3.Kishida Reappoints Foreign Minister Motegi: “Continuity Is the Key to Diplomacy”
Sankei News: On Monday, Foreign Minister Toshimitsu Motegi, who was reappointed to Fumio Kishida’s cabinet, said, “We will promote the creation of a variety of new rules, including in the digital field. I would like to promote diplomacy to increase Japan’s presence and presence in the world, while continuing to exercise leadership.” He spoke to reporters that afternoon after being summoned to the Prime Minister’s Office by new Prime Minister Kishida. The prime minister told Mr. Motegi, “In diplomacy, it is very important to continue. I hope you will do your best for Japan’s diplomacy,” the prime minister told Mr. Motegi, expressing his desire to adjust his schedule for future trips. Mr. Motegi stressed that Japan’s efforts in providing vaccine support for the CCP virus overseas are “highly evaluated internationally.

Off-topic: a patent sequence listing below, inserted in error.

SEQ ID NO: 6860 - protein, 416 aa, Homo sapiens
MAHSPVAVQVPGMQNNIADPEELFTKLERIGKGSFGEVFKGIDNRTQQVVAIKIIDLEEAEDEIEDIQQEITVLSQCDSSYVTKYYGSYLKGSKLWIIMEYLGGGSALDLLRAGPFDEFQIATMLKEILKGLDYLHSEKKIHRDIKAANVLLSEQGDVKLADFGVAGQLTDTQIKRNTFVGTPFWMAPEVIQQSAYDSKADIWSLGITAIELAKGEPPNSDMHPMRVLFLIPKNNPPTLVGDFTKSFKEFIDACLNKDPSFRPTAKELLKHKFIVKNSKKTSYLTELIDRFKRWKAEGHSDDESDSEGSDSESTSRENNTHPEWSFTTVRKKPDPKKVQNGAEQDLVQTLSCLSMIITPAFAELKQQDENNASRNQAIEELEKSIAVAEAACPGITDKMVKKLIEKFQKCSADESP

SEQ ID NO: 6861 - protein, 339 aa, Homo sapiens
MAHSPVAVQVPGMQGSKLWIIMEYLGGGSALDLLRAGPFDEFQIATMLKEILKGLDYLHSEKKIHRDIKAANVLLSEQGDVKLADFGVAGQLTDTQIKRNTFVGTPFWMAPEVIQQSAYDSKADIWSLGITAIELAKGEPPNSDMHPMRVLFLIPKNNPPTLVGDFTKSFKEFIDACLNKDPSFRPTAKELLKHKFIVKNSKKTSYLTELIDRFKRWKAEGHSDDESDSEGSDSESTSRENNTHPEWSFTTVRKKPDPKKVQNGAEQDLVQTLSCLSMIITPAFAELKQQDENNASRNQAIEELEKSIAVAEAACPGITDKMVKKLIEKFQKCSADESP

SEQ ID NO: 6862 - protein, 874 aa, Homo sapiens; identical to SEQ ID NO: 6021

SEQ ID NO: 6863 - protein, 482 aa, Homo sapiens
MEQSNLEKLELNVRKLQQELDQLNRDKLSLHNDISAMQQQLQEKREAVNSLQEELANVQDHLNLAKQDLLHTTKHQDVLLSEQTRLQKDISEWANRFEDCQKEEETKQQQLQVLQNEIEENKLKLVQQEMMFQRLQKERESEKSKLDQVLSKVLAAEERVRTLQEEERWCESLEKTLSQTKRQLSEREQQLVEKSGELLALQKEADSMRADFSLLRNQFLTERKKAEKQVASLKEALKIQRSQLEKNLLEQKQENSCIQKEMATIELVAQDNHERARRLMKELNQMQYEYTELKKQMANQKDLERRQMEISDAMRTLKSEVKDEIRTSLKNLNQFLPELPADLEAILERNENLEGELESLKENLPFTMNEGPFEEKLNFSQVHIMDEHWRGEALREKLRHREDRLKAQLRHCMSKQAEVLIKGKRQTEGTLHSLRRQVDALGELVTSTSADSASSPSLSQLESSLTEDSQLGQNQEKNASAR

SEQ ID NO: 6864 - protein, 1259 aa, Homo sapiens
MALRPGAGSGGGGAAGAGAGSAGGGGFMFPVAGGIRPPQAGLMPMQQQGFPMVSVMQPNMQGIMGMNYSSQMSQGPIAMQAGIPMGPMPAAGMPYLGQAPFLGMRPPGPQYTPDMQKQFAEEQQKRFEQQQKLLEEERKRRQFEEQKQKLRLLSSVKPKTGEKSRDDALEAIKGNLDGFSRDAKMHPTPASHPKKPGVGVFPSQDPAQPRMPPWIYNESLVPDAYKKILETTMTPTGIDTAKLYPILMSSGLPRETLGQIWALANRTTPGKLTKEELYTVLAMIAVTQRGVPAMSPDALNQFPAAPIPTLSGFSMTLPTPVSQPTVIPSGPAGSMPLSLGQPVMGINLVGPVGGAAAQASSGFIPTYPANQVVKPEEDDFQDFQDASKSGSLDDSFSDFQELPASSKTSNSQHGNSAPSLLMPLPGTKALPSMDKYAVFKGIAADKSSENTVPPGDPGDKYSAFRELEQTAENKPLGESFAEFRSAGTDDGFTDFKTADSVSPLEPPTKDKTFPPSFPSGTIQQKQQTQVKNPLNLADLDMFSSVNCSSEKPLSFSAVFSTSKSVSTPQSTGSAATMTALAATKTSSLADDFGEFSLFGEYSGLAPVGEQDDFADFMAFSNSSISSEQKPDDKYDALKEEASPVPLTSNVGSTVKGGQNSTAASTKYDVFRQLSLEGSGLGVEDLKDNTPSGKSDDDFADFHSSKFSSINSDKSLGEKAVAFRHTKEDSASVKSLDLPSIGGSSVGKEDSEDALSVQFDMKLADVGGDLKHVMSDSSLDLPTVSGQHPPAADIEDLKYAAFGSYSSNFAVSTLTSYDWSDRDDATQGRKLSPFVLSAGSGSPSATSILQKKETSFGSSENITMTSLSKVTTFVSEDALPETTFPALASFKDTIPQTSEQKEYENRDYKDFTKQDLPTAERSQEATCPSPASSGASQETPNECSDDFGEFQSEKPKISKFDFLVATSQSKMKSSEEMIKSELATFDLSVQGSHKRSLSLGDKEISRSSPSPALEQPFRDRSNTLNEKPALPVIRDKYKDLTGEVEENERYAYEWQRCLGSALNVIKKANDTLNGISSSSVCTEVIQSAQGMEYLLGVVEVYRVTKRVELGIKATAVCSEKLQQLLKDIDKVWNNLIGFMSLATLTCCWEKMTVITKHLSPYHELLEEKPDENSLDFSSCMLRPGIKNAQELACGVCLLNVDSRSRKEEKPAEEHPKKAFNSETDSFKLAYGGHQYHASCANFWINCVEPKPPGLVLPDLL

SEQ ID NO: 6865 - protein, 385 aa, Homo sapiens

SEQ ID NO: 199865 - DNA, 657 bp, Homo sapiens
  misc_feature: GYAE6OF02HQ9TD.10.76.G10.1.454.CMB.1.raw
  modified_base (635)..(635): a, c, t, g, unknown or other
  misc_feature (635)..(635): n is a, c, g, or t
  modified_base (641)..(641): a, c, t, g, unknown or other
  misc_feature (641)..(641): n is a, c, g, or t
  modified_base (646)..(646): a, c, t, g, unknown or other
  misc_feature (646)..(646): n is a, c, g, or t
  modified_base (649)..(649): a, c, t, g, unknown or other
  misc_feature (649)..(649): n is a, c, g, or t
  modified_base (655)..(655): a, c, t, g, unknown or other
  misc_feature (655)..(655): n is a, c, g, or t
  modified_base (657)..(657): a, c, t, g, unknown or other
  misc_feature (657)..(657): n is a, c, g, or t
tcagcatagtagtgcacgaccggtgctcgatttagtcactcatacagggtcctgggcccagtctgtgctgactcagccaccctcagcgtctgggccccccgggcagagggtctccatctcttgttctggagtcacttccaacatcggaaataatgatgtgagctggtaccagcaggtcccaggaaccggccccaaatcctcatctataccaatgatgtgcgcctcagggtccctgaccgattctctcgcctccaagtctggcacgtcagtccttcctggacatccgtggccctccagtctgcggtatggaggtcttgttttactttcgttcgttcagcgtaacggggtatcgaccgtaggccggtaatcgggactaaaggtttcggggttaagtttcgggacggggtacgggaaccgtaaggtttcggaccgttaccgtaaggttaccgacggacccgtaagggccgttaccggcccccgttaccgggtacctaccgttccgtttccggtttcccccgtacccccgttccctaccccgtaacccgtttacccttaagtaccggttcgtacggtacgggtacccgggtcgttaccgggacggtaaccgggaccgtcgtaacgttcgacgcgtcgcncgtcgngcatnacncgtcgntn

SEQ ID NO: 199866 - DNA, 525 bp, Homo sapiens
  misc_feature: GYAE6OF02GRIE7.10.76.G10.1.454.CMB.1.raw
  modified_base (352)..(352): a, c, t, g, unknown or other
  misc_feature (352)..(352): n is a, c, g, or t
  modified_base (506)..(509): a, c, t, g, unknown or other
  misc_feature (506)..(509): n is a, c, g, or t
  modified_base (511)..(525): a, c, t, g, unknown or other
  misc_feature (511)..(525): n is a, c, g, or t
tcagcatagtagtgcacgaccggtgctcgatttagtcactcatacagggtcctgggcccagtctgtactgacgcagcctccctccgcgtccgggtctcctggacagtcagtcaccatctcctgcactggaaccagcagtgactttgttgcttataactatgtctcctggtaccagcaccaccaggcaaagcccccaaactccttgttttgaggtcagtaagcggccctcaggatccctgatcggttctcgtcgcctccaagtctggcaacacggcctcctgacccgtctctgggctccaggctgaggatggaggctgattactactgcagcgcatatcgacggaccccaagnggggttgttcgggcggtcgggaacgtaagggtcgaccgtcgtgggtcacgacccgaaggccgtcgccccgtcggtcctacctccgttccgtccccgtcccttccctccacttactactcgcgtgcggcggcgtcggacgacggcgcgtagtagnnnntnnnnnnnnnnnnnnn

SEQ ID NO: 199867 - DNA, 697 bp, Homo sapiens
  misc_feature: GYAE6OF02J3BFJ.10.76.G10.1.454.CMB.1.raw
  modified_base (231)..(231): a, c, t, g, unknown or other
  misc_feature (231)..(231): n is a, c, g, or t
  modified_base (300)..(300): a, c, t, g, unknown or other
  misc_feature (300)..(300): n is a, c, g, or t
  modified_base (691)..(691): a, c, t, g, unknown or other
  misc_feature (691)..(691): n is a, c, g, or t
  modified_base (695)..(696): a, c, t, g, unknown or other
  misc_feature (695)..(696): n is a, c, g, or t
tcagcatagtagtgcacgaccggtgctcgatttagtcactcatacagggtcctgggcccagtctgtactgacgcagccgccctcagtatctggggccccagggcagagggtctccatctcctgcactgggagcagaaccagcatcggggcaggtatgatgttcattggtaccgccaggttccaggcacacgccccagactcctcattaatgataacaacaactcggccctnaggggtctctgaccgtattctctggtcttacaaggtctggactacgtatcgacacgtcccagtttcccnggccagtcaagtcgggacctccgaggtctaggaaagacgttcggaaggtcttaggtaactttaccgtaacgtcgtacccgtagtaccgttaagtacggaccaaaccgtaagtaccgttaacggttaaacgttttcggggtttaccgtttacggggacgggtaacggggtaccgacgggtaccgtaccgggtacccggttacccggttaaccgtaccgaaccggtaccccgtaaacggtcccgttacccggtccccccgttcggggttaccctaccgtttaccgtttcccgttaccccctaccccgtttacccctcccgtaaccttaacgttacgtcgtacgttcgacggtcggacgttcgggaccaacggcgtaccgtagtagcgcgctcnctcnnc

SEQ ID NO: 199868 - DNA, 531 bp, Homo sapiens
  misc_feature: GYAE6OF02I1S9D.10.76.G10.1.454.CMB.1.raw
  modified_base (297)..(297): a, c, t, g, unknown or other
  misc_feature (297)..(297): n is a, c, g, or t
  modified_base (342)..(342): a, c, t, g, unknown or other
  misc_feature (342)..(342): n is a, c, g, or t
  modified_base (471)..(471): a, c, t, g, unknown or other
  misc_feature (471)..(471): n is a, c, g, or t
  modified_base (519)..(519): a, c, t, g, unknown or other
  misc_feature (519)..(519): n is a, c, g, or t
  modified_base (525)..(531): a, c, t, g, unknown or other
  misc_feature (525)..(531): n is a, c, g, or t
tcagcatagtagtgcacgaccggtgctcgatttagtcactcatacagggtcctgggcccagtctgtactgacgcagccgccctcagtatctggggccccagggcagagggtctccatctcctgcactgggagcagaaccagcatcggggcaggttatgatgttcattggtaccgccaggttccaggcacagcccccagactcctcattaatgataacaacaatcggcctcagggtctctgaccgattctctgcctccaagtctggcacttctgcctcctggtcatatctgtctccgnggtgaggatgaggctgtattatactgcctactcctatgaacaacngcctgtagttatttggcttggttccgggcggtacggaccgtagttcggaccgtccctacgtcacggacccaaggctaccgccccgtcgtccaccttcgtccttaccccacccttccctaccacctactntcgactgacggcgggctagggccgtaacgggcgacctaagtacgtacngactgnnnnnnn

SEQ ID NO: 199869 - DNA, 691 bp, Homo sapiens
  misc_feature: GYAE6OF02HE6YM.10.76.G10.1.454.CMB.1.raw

4. P.M. Kishida to Boost TPP, Economic Security with Communist China in Sight
Kyodo News: While new Japanese Prime Minister Fumio Kishida has pledged to narrow the income gap by revising economic policies pursued by previous administrations, he is likely to uphold their diplomatic stance, building stronger ties with the United States and other countries sharing universal values in the face of the CCP’s rise. Given that he heads a long-running Liberal Democratic Party faction that has put an emphasis on developing ties with Communist China, Kishida is seen as a moderate who seeks to balance relations with Japan’s biggest trading partner. But at a time when U.S. President Joe Biden has adopted a hard-line policy toward Beijing, he has little room to maintain such a stance, experts say.
After being elected as successor to Prime Minister Yoshihide Suga as the LDP president last week, Kishida vowed to build a free and open Indo-Pacific based on universal values, such as democracy and the rule of law, a vision pursued by former Prime Minister Shinzo Abe and carried over to Suga. Under the vision, Kishida is expected to push forward the Trans-Pacific Partnership free trade agreement and strengthen the Quad grouping involving Japan, the United States, Australia and India, in a veiled counter against an increasingly assertive Communist China.